Erttheking

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Dragonlayer said:
Uh, you're calling for no hyperbole in the same sentence that you say that people are calling geek culture unholy. Which they are not. You're sending mixed messages. More like the idea of it. Let's be frank, this is all blown out of proportion. Geek culture? Culture? A culture is a way of life. Are we really saying that our entire lives are dedicated to these things? I just...no. I love gaming, but it isn't a way of freaking life. And the arrogance and dick heads that come with it...oh my.

Yes there are plenty echo chambers on the internet, but like I said before, geek "culture' primarily exists online. Yes other echo chambers exist, but with geek "Culture" they make up the very core of it. Uh, we've avoid managing to become hostile in this thread? A moderator said some less than pleasant things about geek "culture" and got several downright outraged and not exactly friendly replies. And the Overwatch beta thread isn't hotile? Well that's a small miracle, we finally have an Overwatch thread that isn't about censorship and SJWs. That's got to be the first in a year. Yes I'll admit it isn't always hostile, but I have to say it feels like the core of it is. "Absolute worse-" Did I say that?

Yeah the general rule of thumb is that the Escapist is considered one of the better websites out there. Which makes me laugh bitterly. My time on the old Bungie forums turned very unpleasant very fast before I migrated here. Ok I'll make a concession. Meeting up with geeks off the net tends to be a fairly pleasant affair. The problem there is that, while idle conversations can easily happen, unless people make the effort to get to know other geeks better, which they can only reasonably do with a handful of people, the majority of the interaction of geek "culture" happens online. The debates, the arguments, the voting, the crowfunding. And all of that can be very bitter and makes me not want to call myself a geek or a gamer. We've come a long way? Yes we have. And we have a long way to go still.
 

sageoftruth

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Smilomaniac said:
I have some choice words for the people who think geek culture should be "killed", but I won't voice them here, because it will only end in me being perma banned.

To anyone who reads this; If you really, truly, believe that the core of our community deserves to disappear, then you are the reason for the toxicity. The very idea of it serves nothing else than to spread misery and negativity, so by supporting it, you are making things worse. You're not being a better person than anyone else, you are actively being worse.

That is the most diplomatic way I can say it. This thread makes me genuinly miserable and angry and despite my support of free speech and thought, I hope it gets locked. If people really want to discuss this, I recommend they go to NEOgaf, Kotaku or Polygon, they are far more tolerant of this sort of discussion.

I'd encourage people to support their claim or opinion with reason, but I don't think it's possible for this particular topic. It smells like an agenda more than anything else...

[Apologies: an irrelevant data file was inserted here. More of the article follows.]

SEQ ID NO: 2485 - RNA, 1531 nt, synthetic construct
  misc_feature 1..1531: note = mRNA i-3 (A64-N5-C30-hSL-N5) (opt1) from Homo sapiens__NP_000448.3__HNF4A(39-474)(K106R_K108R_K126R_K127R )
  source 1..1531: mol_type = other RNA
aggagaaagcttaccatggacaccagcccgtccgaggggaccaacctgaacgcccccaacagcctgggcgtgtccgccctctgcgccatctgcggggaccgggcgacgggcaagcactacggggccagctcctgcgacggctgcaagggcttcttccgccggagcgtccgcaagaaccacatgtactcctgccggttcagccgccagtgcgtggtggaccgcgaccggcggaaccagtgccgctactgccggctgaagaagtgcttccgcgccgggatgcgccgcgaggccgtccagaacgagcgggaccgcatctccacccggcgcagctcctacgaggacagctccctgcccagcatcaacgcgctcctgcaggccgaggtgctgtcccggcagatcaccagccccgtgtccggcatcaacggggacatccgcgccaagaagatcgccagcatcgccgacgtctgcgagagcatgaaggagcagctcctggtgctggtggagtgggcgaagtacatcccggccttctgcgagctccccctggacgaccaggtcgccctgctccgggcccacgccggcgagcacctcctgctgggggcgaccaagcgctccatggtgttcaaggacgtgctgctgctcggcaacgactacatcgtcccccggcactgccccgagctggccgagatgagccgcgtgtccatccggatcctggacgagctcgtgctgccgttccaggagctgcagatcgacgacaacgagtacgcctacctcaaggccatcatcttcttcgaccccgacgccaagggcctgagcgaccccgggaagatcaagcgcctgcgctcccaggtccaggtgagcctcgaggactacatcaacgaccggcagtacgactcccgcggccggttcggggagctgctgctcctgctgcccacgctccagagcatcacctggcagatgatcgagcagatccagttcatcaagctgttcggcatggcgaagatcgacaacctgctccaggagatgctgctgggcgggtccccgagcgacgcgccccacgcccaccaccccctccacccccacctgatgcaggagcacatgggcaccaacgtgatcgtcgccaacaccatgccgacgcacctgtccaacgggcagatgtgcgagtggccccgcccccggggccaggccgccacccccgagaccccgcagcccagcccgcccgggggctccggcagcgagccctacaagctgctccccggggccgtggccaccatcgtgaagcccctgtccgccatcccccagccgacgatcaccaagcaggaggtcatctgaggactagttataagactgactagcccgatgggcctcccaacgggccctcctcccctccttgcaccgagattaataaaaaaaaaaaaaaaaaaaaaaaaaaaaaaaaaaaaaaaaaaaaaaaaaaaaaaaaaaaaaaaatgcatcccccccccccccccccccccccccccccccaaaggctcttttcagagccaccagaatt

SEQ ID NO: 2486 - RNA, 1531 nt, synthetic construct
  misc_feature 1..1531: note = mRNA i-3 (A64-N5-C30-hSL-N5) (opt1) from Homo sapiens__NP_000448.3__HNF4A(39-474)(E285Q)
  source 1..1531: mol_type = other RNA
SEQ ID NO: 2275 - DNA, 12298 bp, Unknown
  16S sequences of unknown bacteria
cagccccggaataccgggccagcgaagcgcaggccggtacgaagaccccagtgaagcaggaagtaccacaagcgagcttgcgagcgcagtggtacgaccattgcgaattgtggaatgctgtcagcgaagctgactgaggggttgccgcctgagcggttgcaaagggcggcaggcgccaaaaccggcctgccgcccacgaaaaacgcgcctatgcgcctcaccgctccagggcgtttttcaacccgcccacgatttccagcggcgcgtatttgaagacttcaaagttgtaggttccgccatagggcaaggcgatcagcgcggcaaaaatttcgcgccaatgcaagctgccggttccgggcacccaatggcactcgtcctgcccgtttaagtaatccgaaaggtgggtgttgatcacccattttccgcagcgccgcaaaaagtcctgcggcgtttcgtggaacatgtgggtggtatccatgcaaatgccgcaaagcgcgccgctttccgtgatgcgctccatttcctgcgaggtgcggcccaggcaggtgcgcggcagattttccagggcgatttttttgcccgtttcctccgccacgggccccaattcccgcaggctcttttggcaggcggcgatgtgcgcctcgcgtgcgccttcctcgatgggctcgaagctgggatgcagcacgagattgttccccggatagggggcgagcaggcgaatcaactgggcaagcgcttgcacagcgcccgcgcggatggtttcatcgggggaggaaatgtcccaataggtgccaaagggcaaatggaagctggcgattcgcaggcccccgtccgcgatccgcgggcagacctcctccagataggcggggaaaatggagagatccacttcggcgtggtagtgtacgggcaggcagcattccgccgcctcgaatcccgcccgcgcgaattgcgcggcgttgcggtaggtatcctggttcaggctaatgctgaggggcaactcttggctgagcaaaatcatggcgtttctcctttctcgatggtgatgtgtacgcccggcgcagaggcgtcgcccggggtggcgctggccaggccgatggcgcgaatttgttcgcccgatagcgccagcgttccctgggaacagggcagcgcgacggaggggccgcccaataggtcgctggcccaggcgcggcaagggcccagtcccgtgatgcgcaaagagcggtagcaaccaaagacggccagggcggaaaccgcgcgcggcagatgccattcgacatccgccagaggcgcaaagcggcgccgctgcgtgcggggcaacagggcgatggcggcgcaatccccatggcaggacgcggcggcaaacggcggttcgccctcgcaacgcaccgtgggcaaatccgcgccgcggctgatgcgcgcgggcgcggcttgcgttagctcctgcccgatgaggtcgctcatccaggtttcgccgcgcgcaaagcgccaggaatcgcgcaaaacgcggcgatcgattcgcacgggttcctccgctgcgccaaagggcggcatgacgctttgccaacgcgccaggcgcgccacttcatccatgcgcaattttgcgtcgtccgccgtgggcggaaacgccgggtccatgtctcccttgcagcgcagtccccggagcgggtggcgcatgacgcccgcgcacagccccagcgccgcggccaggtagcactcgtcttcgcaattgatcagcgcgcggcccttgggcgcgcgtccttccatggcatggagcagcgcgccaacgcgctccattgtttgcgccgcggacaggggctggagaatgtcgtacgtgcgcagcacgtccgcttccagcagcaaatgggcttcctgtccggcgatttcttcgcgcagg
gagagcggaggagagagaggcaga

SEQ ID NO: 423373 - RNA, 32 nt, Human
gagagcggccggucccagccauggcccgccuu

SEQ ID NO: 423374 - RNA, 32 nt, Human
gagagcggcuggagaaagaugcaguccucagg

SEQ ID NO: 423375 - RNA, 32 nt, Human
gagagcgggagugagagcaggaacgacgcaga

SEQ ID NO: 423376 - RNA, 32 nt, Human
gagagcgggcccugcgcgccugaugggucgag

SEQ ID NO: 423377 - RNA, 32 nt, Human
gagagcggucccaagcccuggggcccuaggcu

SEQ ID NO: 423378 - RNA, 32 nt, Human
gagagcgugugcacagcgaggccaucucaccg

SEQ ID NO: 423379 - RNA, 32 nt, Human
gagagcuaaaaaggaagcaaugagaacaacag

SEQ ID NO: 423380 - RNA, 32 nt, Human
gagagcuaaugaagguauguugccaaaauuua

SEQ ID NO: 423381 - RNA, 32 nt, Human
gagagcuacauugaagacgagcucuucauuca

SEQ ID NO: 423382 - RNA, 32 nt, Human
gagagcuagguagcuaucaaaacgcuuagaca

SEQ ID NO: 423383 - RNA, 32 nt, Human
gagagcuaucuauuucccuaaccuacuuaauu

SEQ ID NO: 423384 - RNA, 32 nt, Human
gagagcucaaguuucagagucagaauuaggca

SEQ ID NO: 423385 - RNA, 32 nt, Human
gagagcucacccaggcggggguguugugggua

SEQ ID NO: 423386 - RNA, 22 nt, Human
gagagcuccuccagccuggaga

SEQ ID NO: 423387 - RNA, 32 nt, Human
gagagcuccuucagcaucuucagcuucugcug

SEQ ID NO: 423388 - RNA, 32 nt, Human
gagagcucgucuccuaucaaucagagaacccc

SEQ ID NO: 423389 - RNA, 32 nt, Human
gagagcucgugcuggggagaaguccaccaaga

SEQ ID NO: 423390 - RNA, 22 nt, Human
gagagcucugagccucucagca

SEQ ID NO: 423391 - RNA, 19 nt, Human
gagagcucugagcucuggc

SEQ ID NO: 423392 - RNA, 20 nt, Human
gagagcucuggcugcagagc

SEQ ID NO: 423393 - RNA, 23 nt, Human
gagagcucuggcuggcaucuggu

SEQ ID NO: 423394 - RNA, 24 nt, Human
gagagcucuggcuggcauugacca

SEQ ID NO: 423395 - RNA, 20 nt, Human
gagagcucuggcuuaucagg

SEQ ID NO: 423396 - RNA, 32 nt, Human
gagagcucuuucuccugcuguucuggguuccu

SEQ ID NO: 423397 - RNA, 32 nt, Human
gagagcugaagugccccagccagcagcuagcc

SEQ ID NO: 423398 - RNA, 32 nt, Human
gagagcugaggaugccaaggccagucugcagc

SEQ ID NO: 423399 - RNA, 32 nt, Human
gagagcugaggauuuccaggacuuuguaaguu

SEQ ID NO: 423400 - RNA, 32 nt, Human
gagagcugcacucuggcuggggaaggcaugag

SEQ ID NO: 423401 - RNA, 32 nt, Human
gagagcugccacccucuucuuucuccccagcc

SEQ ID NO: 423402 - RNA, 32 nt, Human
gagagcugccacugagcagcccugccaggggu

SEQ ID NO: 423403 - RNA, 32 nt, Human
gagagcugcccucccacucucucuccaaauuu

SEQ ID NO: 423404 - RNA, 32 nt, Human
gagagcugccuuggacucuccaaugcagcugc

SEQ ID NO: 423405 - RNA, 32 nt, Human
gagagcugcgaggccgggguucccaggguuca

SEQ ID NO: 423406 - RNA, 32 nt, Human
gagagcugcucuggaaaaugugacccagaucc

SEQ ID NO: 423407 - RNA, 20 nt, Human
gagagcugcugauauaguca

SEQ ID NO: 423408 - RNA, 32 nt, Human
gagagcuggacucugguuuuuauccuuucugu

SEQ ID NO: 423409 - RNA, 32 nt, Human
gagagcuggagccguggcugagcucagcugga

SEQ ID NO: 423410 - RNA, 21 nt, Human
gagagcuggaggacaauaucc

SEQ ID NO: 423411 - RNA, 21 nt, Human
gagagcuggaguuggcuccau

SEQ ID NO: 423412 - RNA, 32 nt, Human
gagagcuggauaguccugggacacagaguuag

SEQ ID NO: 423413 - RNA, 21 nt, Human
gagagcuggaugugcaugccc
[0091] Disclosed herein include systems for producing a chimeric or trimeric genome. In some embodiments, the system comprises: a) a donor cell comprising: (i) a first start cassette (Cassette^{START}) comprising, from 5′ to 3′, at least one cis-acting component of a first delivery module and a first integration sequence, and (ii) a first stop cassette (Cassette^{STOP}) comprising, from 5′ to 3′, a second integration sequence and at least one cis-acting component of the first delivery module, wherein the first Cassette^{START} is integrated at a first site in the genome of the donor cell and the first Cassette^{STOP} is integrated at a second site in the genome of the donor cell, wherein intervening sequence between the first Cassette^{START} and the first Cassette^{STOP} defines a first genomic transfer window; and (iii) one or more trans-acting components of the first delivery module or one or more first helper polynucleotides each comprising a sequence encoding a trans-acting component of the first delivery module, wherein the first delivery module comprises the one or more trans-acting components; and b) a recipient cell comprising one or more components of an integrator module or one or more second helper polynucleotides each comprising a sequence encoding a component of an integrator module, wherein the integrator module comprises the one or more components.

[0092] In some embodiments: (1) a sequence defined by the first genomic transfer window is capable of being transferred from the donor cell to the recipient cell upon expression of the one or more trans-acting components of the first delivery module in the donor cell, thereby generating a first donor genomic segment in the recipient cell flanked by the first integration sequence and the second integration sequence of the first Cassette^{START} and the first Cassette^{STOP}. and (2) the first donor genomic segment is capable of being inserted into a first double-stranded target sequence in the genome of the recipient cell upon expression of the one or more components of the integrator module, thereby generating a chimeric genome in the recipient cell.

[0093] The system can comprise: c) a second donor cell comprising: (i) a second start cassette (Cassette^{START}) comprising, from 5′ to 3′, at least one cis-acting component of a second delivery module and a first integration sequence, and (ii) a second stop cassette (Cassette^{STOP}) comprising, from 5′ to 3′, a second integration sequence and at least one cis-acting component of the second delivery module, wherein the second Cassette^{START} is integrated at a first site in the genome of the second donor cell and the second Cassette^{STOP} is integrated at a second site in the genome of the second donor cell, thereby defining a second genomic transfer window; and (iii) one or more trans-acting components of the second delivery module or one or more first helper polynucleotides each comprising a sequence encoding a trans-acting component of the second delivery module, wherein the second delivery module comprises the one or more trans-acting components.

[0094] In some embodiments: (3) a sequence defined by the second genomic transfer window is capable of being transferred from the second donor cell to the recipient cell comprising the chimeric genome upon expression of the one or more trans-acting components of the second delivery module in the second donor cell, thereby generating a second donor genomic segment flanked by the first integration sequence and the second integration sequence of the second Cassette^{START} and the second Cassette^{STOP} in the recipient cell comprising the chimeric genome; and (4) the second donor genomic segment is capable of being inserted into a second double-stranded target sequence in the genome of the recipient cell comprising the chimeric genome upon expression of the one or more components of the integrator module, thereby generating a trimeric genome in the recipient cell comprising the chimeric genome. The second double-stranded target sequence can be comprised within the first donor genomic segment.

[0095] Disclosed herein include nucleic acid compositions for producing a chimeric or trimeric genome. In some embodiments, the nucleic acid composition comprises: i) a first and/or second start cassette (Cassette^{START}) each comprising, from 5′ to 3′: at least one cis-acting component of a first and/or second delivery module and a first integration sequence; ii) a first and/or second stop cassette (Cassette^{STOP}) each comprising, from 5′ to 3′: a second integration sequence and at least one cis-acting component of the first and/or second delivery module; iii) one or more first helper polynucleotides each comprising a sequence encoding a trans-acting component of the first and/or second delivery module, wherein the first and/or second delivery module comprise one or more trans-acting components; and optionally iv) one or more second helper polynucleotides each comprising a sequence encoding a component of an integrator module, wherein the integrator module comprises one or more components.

Addendum:
I followed my gut instinct and googled "nerd culture should die" and it's just a variation of "gamers are over". It's antagonistic to the extreme and and exceptionally poor discussion to have, supported by the very kind of biased journalism and movements that serve a particular agenda - In short, I'm flagging this thread.
I just took a peek into Neogaf. Not bad. It was just a peek, but I've got my hopes up. So long, Escapist. I'll stop by when the next ZP video comes out.
 
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I'll be completely honest here. I do try to be positive, understanding, etc., towards other people. I'm not a racist, I'm not a misogynistic dinosaur, and if I were to be homophobic, I'd have to start by lynching myself.

All that said, to the people talking about how those who feel that the community is toxic needs to just be positive and fight against it, how? How are we supposed to rise against the "toxic" community? Again, I try to be positive at most times (not all, and most of the times I'm not, I'm in the wrong and taking out personal issues on others), but what do I get for posting my opinion? Indifference if it agrees with others, and multiple quotes telling me I'm wrong for not agreeing with them, often with namecalling. In any case, trying to debate is useless, because like many people online, the ones making claims don't actually want a debate, they want support.

Is it wrong? Not necessarily. There are some things that shouldn't be debatable, like "is bullying wrong?" The problem I have is when the debate is about something totally subjective, like the quality of a game, but there is still only one "right" answer. It gets to the point where I, personally, just start feeling like "Why bother?"
 

Secondhand Revenant

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Terminal Marque said:
You're not nerds and geeks, you're just people who play games.
That probably works better. Then people can drop the stupid baggage that comes with those words and stop pretending the chip on their shoulder is reasonable.